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About Strep Throat

Anyone can end up getting strep through, however it is most common among school-age children and teenagers. The infections occur most frequently during the school years whenever large groups of children and teenagers are gathered in close quarters. A streptococcus, which is the bacteria causing strep throat, has a tendency to hang out in the throat and nose, so that regular activities such as shaking hands, coughing and sneezing can spread the infection easily from one individual to the next. When someone has strep throat and it isn’t treated, then most likely the infection will be spread whenever the symptoms are the most severe. However, other people can still be infected for as long as 3 weeks.

That is why it is critical to teach children how important it is to wash their hands – practicing good hygiene can reduce the chances of catching contagious diseases such as strep throat. Strep throat symptoms, which are very common among children and teenagers, include swollen, red tonsils, stomach pain and fever. Usually strep throat throat needs to be treated with antibiotics. A children should be able to return to play and school within a couple of days with the right medical care – as well as plenty of fluids and rest.

Strep throat is a kind of bacterial infection. It makes your throat feel scratchy and sore. Strep throat only accounts for a small percent of sore throats. If strep throat is left untreated it may cause complications like rheumatic fever or kidney inflammation. Rheumatic fever might lead to inflamed and painful joints, heart valve damage or a certain kind of rash. Strep throat most commonly occurs among children, however it affects individuals of every age. If your child or you has any symptoms or signs of strep throat, visit your doctor to receive prompt treatment and testing.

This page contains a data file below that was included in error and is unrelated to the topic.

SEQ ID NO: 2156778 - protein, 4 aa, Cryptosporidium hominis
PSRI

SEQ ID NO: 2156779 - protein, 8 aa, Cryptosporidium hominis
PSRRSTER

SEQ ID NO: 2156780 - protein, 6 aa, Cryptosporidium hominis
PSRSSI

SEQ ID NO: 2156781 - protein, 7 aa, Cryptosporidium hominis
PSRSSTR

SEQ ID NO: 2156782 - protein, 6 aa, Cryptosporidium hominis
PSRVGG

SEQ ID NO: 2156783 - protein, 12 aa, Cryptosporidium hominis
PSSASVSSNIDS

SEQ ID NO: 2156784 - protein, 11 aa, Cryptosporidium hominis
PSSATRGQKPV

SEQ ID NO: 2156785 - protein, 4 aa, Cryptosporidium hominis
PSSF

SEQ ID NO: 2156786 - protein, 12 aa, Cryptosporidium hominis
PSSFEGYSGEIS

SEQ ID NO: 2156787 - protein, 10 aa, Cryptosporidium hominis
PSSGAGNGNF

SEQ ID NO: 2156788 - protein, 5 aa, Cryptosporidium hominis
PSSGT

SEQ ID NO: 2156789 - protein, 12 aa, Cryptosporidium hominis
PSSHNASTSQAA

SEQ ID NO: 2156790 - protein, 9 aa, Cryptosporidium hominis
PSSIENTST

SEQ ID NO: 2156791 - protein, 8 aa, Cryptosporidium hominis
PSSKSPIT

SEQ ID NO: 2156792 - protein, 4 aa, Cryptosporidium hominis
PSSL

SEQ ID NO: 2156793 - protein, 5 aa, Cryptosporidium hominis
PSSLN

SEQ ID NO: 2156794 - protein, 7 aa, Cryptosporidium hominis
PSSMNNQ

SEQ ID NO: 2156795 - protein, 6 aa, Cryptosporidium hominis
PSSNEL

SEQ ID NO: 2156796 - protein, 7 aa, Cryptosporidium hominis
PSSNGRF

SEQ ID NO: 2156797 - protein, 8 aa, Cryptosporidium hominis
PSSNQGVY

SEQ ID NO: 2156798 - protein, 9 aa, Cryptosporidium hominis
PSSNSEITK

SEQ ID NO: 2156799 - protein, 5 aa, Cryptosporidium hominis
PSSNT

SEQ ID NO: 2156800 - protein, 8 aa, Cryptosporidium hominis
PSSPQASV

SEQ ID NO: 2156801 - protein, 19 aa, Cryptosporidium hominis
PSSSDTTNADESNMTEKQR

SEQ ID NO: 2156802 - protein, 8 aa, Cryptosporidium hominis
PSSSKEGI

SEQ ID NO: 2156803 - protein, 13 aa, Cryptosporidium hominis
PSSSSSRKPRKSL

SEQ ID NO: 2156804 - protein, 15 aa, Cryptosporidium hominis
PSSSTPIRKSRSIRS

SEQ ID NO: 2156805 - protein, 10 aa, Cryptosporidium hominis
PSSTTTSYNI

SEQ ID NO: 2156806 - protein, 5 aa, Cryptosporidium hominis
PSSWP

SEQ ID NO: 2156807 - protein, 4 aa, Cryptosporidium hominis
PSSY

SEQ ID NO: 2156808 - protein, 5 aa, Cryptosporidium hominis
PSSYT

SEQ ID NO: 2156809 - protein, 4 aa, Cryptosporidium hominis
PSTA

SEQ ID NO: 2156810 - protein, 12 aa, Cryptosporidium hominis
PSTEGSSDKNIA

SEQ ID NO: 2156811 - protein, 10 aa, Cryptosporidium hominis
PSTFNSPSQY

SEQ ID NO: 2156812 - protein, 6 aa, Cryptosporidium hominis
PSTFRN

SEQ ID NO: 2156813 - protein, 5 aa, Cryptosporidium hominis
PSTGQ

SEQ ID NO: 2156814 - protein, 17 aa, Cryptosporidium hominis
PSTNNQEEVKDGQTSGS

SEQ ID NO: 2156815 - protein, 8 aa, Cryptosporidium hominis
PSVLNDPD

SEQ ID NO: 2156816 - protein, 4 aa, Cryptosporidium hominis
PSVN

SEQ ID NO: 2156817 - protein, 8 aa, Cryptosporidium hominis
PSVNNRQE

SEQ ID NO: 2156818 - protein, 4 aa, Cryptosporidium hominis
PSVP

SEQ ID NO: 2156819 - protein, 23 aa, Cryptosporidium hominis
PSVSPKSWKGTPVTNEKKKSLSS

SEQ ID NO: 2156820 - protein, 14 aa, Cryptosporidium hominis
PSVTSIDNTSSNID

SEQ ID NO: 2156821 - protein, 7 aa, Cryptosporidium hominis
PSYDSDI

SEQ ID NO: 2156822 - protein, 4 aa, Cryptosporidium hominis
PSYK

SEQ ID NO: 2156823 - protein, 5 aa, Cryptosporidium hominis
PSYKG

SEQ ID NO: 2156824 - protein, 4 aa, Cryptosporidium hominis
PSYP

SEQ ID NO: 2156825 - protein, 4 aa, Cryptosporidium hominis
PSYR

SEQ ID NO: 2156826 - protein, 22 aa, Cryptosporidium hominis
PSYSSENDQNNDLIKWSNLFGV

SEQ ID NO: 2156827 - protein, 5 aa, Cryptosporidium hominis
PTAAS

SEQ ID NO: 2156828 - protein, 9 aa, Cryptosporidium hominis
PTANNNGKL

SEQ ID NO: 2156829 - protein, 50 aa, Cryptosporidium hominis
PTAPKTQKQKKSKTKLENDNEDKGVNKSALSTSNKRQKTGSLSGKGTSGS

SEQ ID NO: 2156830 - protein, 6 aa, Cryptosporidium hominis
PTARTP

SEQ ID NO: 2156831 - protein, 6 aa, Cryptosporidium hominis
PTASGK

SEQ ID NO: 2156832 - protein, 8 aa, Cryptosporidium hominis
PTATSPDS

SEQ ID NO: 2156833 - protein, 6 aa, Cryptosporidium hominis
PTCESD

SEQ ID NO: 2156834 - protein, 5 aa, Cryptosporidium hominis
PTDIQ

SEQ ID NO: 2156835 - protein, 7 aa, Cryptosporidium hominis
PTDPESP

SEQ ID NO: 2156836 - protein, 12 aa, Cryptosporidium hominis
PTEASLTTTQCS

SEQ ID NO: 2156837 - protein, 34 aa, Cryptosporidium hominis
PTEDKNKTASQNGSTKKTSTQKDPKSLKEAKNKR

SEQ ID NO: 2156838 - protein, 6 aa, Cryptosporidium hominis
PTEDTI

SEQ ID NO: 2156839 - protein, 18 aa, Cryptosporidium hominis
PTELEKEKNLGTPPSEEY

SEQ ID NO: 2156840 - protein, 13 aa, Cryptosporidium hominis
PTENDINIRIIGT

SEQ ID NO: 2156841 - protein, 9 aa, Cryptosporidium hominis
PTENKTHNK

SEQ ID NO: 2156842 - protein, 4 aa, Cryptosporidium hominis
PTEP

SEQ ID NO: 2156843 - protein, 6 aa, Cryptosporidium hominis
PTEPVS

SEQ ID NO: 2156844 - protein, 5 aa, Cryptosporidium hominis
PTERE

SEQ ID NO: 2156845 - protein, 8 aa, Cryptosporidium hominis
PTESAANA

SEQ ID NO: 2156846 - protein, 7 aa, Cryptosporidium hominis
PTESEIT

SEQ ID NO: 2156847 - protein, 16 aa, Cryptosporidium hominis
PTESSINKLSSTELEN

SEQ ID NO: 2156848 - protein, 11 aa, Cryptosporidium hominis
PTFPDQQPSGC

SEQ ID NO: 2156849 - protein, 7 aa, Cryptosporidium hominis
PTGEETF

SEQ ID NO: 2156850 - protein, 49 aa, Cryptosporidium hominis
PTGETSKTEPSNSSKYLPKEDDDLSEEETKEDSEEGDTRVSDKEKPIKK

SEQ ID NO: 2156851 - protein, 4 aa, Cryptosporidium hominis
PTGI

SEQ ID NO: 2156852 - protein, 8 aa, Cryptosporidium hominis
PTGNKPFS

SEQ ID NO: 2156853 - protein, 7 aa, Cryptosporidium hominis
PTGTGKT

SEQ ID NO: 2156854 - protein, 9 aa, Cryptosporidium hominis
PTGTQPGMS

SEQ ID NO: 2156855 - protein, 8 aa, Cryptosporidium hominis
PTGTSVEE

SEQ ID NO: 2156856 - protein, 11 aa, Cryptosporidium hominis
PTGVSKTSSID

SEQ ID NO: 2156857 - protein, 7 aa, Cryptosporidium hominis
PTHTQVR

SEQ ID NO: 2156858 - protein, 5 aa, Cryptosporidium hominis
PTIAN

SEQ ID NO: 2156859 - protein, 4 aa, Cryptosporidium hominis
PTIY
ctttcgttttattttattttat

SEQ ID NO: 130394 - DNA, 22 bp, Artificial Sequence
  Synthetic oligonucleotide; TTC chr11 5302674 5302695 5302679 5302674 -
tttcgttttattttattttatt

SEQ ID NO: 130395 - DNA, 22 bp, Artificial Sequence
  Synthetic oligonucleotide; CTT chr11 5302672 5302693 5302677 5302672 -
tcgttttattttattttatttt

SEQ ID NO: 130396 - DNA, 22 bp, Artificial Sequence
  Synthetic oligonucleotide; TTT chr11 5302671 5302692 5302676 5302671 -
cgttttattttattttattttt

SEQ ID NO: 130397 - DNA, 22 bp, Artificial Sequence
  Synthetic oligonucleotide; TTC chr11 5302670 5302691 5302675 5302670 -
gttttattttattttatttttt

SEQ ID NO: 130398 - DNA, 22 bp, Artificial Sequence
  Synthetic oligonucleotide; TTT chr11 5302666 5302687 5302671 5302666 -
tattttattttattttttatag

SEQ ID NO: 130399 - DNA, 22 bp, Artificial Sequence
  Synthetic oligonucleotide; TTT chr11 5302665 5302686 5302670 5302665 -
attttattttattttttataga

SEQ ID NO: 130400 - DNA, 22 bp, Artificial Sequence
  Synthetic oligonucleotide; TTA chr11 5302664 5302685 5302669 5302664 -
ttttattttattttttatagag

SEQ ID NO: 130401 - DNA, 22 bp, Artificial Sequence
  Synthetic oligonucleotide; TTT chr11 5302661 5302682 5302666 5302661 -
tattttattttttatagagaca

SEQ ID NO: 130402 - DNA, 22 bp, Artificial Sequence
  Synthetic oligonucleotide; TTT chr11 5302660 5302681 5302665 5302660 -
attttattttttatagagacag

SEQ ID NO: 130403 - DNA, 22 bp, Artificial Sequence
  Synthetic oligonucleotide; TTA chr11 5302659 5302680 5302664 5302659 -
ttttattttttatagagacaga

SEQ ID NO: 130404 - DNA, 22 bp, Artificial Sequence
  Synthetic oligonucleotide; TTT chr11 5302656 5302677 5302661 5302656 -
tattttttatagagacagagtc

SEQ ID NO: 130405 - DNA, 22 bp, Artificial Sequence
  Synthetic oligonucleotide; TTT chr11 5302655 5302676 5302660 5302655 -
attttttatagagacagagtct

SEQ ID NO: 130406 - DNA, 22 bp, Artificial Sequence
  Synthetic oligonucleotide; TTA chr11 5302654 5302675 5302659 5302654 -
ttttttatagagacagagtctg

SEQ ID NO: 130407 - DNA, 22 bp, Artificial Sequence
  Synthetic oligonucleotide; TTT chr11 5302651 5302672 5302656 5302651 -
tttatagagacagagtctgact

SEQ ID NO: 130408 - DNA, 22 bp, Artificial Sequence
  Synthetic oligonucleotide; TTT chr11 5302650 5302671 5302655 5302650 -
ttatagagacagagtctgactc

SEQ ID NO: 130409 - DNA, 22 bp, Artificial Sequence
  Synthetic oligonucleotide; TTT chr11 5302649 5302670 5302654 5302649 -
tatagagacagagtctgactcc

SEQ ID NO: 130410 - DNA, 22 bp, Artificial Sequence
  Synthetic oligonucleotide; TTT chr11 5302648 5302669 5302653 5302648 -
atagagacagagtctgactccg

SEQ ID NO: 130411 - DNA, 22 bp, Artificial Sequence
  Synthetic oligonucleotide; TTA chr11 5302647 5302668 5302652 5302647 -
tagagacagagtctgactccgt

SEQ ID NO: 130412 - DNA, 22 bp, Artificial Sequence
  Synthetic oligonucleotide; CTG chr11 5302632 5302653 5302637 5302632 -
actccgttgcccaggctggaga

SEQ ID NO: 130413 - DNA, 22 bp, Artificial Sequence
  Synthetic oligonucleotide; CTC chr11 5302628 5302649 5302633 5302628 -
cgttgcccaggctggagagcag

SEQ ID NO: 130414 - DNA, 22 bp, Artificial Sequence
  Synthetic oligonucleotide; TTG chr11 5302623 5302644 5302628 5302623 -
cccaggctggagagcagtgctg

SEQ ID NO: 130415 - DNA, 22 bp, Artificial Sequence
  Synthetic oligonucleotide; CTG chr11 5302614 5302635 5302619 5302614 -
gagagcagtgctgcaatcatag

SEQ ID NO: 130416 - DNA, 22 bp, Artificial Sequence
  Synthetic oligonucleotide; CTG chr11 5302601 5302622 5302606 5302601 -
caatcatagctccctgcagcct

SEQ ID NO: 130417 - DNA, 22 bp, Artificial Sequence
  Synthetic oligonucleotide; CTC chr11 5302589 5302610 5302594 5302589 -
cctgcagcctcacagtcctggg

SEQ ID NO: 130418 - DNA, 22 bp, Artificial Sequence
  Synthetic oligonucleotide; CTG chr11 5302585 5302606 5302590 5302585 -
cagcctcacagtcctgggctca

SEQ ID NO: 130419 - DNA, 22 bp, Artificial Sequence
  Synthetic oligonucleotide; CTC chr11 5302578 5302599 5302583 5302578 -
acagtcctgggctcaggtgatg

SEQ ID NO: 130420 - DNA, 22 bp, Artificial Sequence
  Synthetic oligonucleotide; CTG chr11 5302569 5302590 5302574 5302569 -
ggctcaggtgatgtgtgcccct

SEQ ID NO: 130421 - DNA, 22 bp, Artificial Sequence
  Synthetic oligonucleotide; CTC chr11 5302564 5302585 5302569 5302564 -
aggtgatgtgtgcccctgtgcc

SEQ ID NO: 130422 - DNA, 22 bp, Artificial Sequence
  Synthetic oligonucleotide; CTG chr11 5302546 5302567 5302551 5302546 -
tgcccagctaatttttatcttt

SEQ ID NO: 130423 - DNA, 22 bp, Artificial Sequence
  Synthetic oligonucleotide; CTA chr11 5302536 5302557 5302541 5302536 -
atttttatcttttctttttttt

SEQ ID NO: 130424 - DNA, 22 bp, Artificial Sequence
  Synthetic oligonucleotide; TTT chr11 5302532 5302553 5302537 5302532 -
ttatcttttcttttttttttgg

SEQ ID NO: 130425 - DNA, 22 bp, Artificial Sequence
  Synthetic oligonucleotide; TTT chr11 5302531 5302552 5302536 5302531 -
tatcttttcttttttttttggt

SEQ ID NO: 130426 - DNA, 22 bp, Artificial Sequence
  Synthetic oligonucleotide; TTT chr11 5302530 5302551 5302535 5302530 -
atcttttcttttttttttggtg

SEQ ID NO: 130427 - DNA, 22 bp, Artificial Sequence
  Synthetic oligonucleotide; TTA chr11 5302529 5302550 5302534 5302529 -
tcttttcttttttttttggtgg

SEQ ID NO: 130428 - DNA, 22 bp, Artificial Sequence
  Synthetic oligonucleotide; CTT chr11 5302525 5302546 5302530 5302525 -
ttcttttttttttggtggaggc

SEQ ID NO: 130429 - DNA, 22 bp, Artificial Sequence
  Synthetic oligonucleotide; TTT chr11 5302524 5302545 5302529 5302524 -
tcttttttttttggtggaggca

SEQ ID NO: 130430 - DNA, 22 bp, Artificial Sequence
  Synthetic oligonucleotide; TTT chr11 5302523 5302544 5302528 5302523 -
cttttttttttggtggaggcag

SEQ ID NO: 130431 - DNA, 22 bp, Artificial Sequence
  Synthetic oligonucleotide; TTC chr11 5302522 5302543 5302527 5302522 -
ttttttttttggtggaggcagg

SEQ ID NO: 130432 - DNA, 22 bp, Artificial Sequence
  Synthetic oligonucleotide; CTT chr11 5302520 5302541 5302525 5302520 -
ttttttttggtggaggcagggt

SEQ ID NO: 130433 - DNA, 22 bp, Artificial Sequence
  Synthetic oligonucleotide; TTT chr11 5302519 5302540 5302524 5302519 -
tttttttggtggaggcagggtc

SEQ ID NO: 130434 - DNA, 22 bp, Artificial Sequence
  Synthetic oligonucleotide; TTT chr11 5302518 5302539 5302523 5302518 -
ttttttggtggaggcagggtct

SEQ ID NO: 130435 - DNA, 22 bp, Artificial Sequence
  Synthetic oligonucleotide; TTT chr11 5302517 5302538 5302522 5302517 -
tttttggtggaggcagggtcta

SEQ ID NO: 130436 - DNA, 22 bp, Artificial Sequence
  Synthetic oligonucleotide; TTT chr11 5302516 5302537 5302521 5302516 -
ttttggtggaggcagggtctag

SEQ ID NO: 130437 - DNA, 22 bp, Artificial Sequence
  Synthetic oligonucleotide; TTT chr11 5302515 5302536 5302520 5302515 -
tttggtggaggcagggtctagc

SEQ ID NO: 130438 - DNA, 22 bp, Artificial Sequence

Symptoms and signs of strep throat may include the following:

  • Body aches
  • Vomiting or nausea, particularly in younger children
  • Rash
  • Headache
  • Fever
  • Tender, swollen lymph nodes within your neck
  • Tiny red spots on the back part of the roof of your mouth (hard or soft palate)
  • Swollen and red tonsils, at times with streaks of pus or white patches
  • Painful swallowing
  • Throat pain that tends to come on quickly

It is possible that your child or you might have a number of these symptoms and signs but still not have strep throat. These symptoms and signs could be caused by a viral infection or another kind of illness. That is why doctors will usually have tests done for strep throat specifically. You might have also been exposed to an individual who has strep but doesn’t show any symptoms.

When group A streptococcus bacteria causes a throat infection, or strep throat, there are two reasons why it is worrisome – first of all it is contagious and second, if it is not treated, it could result in serious complications which include kidney inflammation and rheumatic fever. Also, although strep throat can occur in adults and children of any age, it occurs most commonly in those who are 5 to 15 years old. Where and when it is the most frequently? Streptococcal infection usually increased in late fall as well as early spring in those places where individuals are in close contact with one another, like in offices, daycare centers and schools. Sharing soft toys, towels, handkerchiefs and napkins may be ways of spreading the disease. The disease may also be passed from one individual to the next through sharing bowls, plates, glasses and utensils with individuals who either have been diagnosed with strep throat or show symptoms of this disease. Another risk factor is being exposed to sores from strep skin infection.

Sore throat: